Computer Technology: Computerized Confidants
by Jonathan Kolber
“Computer power continues to double roughly every one and a half years. Today’s supercomputers rival a rat’s brain in their sophistication. Within the next two decades, by every reasonable projection, computers will match human brains and then rapidly outstrip us.”
Around this time of year, the ubiquitous department store Santas make their annual appearance. Among these are the mechanical Santas. Some of these have built-in motion and even speak. At my local grocery store, I recently watched in fascination as a small boy approached a mechanical Santa and seemed mesmerized by it. He had to touch it and even shook its hand when the Santa gestured and moved its arm toward him.
Though I didn’t ask him, the boy seemed to believe he was interacting with a thinking being. How much stronger, I wondered, will this bond be when Santa recognizes the boy’s presence, makes eye contact, smiles at him and can have an interactive conversation? I’ll bet that it will then become harder to convince lots of kids that Santa is only a myth.
Computer Technology: Convincing the Masses
Of course, it’s one thing to convince small children, who are already disposed to blurring the line between fantasy and reality. It’s another thing entirely to convince adults. Yet the latter is coming as well.
Years ago, the computer scientist Alan Turing devised the now-famous “Turing Test.” It basically requires that a person converse with a computer through a black box, so the person doesn’t know whether it’s a computer or another person. If the computer can fool the person, it has passed the Turing Test and is to be considered intelligent.
Of course, this test is imprecise. Who is the person (or persons) qualified to conduct the test? What kind of “personhood” are we looking for — Einstein, Joe Average or the village idiot? Still, there have been some striking developments.
A computer program was written to perform Rogerian therapy. Basically, this is therapy in which the therapist feeds back the patient’s concerns and reactions. Often, this turns what the patient says into a question. (Patient: “I am feeling sad.” Therapist: “Why are you feeling sad?”) The therapist remembers what the patient said earlier, so not all of this feedback is triggered by the most immediate remarks. But it’s clear that this is ideally suited to a computer program, and indeed, it was turned into one called Eliza.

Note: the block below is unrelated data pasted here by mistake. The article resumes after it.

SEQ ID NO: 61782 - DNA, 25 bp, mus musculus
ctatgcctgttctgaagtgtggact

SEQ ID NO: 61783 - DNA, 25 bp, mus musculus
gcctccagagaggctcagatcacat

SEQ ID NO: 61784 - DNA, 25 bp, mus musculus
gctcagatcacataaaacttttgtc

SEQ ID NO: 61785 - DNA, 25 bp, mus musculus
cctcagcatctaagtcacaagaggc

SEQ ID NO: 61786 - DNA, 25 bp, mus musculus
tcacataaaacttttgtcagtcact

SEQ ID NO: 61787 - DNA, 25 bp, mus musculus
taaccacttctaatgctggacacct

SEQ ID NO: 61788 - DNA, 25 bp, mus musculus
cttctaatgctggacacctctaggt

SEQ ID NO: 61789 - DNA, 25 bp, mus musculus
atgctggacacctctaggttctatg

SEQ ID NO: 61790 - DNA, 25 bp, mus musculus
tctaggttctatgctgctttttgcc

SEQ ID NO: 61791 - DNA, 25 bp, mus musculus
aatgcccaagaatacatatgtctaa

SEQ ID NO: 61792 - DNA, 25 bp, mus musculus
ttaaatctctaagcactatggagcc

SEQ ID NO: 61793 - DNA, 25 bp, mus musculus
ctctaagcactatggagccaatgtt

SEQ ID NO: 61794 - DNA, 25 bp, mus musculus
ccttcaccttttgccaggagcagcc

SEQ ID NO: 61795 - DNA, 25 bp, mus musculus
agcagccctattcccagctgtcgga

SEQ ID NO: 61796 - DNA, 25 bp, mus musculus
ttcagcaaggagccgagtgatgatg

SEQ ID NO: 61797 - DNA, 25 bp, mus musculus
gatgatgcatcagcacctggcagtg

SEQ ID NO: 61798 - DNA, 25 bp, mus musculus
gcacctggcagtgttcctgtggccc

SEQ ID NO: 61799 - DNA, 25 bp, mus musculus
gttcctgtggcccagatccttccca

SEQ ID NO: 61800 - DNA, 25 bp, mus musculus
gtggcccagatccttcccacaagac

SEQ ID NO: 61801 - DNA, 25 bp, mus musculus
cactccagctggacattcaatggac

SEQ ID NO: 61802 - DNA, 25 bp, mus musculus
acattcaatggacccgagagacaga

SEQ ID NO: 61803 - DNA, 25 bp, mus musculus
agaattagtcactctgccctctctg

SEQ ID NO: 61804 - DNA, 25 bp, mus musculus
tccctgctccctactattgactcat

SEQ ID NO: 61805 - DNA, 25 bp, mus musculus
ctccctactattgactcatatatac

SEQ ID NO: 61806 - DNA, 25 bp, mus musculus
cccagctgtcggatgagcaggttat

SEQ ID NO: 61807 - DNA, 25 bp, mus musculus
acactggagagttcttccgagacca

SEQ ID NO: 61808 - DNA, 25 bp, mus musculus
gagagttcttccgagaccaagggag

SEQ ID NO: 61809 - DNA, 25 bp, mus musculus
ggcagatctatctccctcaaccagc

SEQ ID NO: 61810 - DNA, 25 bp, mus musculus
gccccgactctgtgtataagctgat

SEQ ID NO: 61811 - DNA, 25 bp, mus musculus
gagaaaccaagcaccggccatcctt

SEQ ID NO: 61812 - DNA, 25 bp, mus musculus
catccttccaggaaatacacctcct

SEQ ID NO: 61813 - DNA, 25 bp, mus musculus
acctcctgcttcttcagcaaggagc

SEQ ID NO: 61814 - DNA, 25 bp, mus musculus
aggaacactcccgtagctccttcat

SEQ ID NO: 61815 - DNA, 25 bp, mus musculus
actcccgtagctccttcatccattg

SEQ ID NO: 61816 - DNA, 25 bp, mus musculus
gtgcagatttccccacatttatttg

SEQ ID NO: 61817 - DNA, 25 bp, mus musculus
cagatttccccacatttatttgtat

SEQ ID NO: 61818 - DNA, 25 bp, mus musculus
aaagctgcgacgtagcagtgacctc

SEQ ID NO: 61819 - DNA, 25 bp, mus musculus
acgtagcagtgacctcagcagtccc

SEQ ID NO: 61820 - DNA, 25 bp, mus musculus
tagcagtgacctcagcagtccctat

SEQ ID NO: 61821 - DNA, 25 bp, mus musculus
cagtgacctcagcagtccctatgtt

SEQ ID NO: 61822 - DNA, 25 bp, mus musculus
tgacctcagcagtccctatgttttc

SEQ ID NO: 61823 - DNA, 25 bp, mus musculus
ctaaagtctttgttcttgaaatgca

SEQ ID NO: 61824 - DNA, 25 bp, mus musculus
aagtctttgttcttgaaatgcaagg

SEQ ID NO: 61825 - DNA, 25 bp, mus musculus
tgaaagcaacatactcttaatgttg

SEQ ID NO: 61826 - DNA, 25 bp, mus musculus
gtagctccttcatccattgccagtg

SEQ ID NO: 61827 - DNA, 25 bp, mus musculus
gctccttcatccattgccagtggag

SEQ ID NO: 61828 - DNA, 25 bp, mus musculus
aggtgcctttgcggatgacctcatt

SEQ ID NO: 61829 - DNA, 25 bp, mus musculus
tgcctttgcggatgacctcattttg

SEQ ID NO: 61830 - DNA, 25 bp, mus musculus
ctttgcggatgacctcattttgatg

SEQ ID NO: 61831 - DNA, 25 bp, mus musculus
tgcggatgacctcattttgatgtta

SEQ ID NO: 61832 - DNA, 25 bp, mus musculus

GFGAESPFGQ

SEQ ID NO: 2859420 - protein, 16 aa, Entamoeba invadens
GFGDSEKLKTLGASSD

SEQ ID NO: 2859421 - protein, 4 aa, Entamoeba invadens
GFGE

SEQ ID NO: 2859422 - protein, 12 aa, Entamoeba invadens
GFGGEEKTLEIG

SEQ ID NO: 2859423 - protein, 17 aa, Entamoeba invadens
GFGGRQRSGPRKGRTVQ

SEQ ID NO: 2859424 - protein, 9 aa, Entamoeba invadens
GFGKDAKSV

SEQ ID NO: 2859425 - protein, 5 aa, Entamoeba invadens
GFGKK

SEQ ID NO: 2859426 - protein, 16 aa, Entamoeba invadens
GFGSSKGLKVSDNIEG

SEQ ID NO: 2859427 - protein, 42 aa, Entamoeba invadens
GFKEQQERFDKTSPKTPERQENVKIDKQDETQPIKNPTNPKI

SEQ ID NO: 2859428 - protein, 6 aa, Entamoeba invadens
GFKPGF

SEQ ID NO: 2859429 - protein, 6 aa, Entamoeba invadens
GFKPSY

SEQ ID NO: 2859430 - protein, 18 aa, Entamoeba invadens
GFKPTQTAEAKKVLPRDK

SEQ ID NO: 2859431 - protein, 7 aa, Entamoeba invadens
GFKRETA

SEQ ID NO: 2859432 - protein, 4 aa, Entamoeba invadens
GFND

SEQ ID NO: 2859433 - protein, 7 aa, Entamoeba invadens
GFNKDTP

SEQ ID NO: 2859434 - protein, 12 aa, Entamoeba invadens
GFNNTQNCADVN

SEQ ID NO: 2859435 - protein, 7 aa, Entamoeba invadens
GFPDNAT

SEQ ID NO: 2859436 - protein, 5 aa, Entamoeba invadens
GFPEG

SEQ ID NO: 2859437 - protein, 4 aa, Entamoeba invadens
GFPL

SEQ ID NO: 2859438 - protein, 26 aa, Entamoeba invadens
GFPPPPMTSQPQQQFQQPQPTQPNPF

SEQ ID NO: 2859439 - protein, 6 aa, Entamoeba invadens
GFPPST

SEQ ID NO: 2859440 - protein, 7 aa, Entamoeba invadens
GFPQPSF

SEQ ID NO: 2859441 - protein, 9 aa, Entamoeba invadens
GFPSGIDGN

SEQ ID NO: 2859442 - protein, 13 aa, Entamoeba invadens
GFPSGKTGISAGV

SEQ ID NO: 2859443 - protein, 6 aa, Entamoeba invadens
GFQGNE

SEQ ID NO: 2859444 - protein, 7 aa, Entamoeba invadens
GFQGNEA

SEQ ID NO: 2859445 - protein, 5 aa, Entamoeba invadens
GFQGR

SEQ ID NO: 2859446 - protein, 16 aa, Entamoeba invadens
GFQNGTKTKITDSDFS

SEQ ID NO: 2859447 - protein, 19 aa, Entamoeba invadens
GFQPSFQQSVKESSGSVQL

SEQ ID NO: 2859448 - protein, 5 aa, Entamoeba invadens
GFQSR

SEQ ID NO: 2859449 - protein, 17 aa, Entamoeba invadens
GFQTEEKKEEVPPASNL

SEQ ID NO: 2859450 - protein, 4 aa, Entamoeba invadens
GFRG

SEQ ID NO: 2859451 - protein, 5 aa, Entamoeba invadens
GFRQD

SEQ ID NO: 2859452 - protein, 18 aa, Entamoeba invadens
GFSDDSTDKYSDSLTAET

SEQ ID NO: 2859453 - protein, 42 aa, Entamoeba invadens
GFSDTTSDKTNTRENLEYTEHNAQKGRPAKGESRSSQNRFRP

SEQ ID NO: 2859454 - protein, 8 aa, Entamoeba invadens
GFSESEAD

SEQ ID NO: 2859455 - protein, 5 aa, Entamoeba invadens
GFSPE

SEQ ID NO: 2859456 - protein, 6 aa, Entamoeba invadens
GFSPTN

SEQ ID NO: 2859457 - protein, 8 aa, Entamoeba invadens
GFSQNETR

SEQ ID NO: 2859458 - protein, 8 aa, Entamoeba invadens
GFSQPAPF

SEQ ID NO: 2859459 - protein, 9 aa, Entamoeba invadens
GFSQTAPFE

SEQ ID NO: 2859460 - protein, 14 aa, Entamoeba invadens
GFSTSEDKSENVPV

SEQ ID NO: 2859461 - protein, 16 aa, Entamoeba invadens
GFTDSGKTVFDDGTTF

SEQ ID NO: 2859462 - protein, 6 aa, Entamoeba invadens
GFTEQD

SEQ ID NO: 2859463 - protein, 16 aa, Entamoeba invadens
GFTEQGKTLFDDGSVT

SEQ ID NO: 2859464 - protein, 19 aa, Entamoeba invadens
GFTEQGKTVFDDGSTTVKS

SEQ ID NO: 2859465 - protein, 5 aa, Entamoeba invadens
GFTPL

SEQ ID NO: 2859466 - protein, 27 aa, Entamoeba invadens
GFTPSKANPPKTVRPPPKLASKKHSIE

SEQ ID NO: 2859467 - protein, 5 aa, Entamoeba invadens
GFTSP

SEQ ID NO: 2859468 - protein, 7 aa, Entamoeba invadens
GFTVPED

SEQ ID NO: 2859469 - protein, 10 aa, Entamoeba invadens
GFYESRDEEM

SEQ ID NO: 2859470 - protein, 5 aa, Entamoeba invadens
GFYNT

What’s interesting about this is that in tests, people who are offered the chance to use Eliza do use it. Many prefer it to a person, because it’s always available, doesn’t cut you off after 45 minutes and is free. Most remarkable, even when told that they were conversing with a program, many patients continued to prefer the software.
I believe this is a harbinger for things to come. Today, we can buy advanced “animatronic” toys (the best are made in Japan) that exhibit lifelike behaviors, such as the behaviors of dogs. Indeed, Sony’s AIBO has been called the first toy with a personality, and it’s artificially intelligent — it learns. It’s billed as something that can become “an endearing companion.”
Computer Technology: Computers in the Workplace
Computer speech recognition systems handle a lot of the customer service requests at businesses like utility companies. This has been going on for several years now.
I recently had a weird experience while “talking” to Verizon’s system. Its pleasant female voice had been interacting with me, responding reasonably intelligently to my spoken information. At one point in the conversation, just for a moment, I felt I was talking to an actual woman. This disconcerting moment quickly passed, but I had to wonder: What happens when the pleasant voice, with its simulated warmth and concern that managed to touch my emotions, if only briefly, is backed up by an intelligence capable of making sophisticated decisions?
Lest you think that is a flight of fancy, consider the progress of computer intelligence for a moment. In 1985, there was serious debate whether computers would ever play chess at grandmaster level. By 2000, they had defeated the best human players. Computers already perform medical diagnoses better than 90% of physicians. Computers make investment decisions managing billions of dollars. Computers have even invented things that have been awarded U.S. patents.
And that’s only the beginning. Computer power continues to double roughly every one and a half years. Today’s supercomputers rival a rat’s brain in their sophistication. Within the next two decades, by every reasonable projection, computers will match human brains and then rapidly outstrip us.
At some point, they won’t only simulate humans in ways that fool children, but will simulate us in ways that no one can detect. Coupled with speech recognition and synthesis systems that will rival human accuracy and the ability to depict “talking heads” that seem quite real (consider the recent movie, The Incredibles), it’s only a matter of time before people begin treating their computer companions as living entities.
Today, it’s just your Palm Pilot, but tomorrow, your confidant?
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Jonathan Kolber is the editor of Vantage Point Investment Advisory – a newsletter that uncovers companies with life-changing emerging technologies. We’re talking the kind that could revolutionize the world and your portfolio – at once. And Jonathan knows a thing or two about such technologies.In the 1980s, Jonathan was a top consultant to supercomputer companies. In 1996, he founded Hide & Seek Technologies Inc. – the company that pioneered limited-use, or “disposable,” CDs and DVDs. Plus, he’s co-founded two technology companies… served as senior management for several others… and helped a handful of startups get off the ground.